Today, we released a Report to Congress on reverse mortgages. http://files.consumerfinance.gov/a/assets/documents/201206_cfpb_Reverse_Mortgage_Report.pdf

The Dodd-Frank Act, which created the CFPB, specifically recognized the unique financial needs of older Americans. Our Office of Older Americans is dedicated to protecting this population. In that effort we have taken a special look at one financial product only sold to them: reverse mortgages. Today’s report presents the findings of that study.

A reverse mortgage is a special type of home loan that allows older homeowners to access the equity they have built up in their homes now, and defer payment of the loan until they pass away, sell, or move out of the home. Reverse mortgages require no monthly mortgage payments, but borrowers are still responsible for property taxes and homeowner’s insurance.

Our study finds that reverse mortgages are complex products that are difficult for consumers to understand. Borrowers are also increasingly using reverse mortgages in ways that are different from what was intended. Nearly half of recent borrowers were in their 60s, and nearly 3 out of 4 borrowers took all of their money upfront in a lump sum. The Bureau is concerned that these borrowers will have fewer resources to pay for everyday and major expenses later in life.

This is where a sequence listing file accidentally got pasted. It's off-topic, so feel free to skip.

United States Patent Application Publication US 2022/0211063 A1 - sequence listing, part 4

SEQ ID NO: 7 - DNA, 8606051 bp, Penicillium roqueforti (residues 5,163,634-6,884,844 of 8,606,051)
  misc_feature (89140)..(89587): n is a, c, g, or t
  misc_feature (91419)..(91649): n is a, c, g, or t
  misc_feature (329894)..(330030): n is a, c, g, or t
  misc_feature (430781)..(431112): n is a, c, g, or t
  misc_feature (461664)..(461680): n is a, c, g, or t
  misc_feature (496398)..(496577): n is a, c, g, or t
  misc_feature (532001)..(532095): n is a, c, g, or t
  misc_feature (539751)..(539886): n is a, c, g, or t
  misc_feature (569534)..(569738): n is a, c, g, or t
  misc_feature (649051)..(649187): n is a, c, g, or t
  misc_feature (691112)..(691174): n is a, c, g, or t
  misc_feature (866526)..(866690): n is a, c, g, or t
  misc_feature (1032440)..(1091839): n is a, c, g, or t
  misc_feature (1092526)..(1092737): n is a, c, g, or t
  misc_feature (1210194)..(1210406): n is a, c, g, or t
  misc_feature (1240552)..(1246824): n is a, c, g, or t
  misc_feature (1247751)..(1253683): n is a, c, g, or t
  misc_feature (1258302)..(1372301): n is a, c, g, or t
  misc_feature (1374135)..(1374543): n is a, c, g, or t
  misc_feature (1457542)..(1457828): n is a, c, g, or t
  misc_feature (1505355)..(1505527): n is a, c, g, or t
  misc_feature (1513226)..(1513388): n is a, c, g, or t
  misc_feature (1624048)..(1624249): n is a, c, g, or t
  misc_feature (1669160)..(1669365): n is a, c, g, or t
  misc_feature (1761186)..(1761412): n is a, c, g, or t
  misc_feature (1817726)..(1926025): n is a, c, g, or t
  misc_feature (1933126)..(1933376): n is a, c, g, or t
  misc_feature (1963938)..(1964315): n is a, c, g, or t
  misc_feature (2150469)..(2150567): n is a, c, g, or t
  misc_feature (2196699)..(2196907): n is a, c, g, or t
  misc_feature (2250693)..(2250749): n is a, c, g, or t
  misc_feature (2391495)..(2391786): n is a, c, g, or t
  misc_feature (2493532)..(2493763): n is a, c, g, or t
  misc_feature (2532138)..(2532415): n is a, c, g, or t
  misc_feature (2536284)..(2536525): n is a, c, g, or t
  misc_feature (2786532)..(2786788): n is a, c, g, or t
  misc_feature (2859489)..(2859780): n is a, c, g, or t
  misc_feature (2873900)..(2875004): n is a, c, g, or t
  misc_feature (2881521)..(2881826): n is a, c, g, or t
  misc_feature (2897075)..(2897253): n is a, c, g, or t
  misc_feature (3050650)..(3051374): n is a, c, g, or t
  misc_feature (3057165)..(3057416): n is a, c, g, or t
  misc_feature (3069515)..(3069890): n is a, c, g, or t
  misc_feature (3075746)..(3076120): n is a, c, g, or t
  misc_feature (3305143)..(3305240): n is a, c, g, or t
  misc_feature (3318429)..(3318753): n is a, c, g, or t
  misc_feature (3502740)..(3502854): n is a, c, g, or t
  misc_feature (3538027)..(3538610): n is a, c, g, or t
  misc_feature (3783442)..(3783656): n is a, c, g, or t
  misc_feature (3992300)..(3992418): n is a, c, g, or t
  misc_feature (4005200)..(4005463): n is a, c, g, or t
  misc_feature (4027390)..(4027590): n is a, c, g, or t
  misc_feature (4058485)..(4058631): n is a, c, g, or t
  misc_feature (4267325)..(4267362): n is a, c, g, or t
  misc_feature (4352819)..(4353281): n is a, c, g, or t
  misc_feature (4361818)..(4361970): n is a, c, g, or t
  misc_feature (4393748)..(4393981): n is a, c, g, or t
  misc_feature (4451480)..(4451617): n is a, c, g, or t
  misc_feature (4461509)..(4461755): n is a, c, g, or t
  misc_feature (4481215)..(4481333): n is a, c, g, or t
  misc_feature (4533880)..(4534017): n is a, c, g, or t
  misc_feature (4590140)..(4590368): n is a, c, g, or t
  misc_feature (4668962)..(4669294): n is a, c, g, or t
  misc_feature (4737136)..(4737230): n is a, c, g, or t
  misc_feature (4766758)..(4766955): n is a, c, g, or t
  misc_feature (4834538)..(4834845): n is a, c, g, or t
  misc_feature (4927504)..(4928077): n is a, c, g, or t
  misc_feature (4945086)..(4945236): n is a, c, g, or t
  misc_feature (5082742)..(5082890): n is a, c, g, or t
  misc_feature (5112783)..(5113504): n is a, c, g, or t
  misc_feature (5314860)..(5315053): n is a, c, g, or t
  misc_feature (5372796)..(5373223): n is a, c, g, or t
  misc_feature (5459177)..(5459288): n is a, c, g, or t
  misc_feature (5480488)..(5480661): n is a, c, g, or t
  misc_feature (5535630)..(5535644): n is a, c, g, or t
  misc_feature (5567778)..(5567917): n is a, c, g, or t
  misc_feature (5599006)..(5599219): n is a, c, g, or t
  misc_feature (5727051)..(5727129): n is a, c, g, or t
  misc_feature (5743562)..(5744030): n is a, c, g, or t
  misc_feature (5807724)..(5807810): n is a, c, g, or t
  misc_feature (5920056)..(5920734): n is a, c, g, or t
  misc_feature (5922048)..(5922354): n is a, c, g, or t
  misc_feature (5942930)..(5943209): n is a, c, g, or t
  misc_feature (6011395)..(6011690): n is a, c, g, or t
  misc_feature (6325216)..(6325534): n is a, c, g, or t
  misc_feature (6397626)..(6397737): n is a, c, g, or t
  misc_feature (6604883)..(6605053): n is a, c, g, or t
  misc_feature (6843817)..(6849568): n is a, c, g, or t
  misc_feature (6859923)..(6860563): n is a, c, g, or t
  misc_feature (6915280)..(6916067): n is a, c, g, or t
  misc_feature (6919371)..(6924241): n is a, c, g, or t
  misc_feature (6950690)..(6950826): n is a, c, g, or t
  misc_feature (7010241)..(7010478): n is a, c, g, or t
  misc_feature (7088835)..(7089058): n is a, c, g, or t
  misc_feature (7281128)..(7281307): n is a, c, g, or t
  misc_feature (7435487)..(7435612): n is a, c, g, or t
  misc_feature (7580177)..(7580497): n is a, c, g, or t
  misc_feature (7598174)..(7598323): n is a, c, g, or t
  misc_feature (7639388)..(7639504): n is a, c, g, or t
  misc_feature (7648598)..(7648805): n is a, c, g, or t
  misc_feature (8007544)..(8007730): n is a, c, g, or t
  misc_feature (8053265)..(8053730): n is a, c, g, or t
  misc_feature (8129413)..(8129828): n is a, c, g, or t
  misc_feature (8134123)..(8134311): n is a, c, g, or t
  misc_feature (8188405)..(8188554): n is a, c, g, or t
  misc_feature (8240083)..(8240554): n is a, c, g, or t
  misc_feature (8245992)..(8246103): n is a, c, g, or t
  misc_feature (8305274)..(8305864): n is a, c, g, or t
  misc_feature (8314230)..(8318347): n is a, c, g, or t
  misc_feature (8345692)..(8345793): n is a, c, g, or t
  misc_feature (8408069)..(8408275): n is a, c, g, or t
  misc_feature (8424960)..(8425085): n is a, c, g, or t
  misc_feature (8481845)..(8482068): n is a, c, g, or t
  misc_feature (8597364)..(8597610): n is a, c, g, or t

Deceptive marketing is a long-standing problem in this market, with many older Americans receiving solicitations implying that a reverse mortgage is a government benefit rather than a loan. Prospective borrowers are required to attend counseling, but these deceptive advertisements and an increased array of product options make the counselor’s job very difficult.

We have submitted a Notice and Request for Information to gather public input on follow-up questions about reverse mortgages. We are seeking feedback on the factors most important to consumers when they are considering a reverse mortgage, the way consumers use reverse mortgage proceeds, the longer-term outcomes of reverse mortgage borrowers, and certain practices that may differ depending on the type of business that is offering the reverse mortgage . Sign up for our email list and we’ll notify you when the comment period opens. You can view the Request for Information here

Additionally, our Office of Older Americans released a 4-page consumer guide to reverse mortgages and a new and improved set of answers to common reverse mortgages questions on Ask CFPB. We’re also taking complaints on reverse mortgages through our complaint system.

Due to technical issues, the commenting feature of our blog is temporarily unavailable. We’re working to bring this functionality back, and look forward to hearing your feedback and comments about the CFPB’s work soon.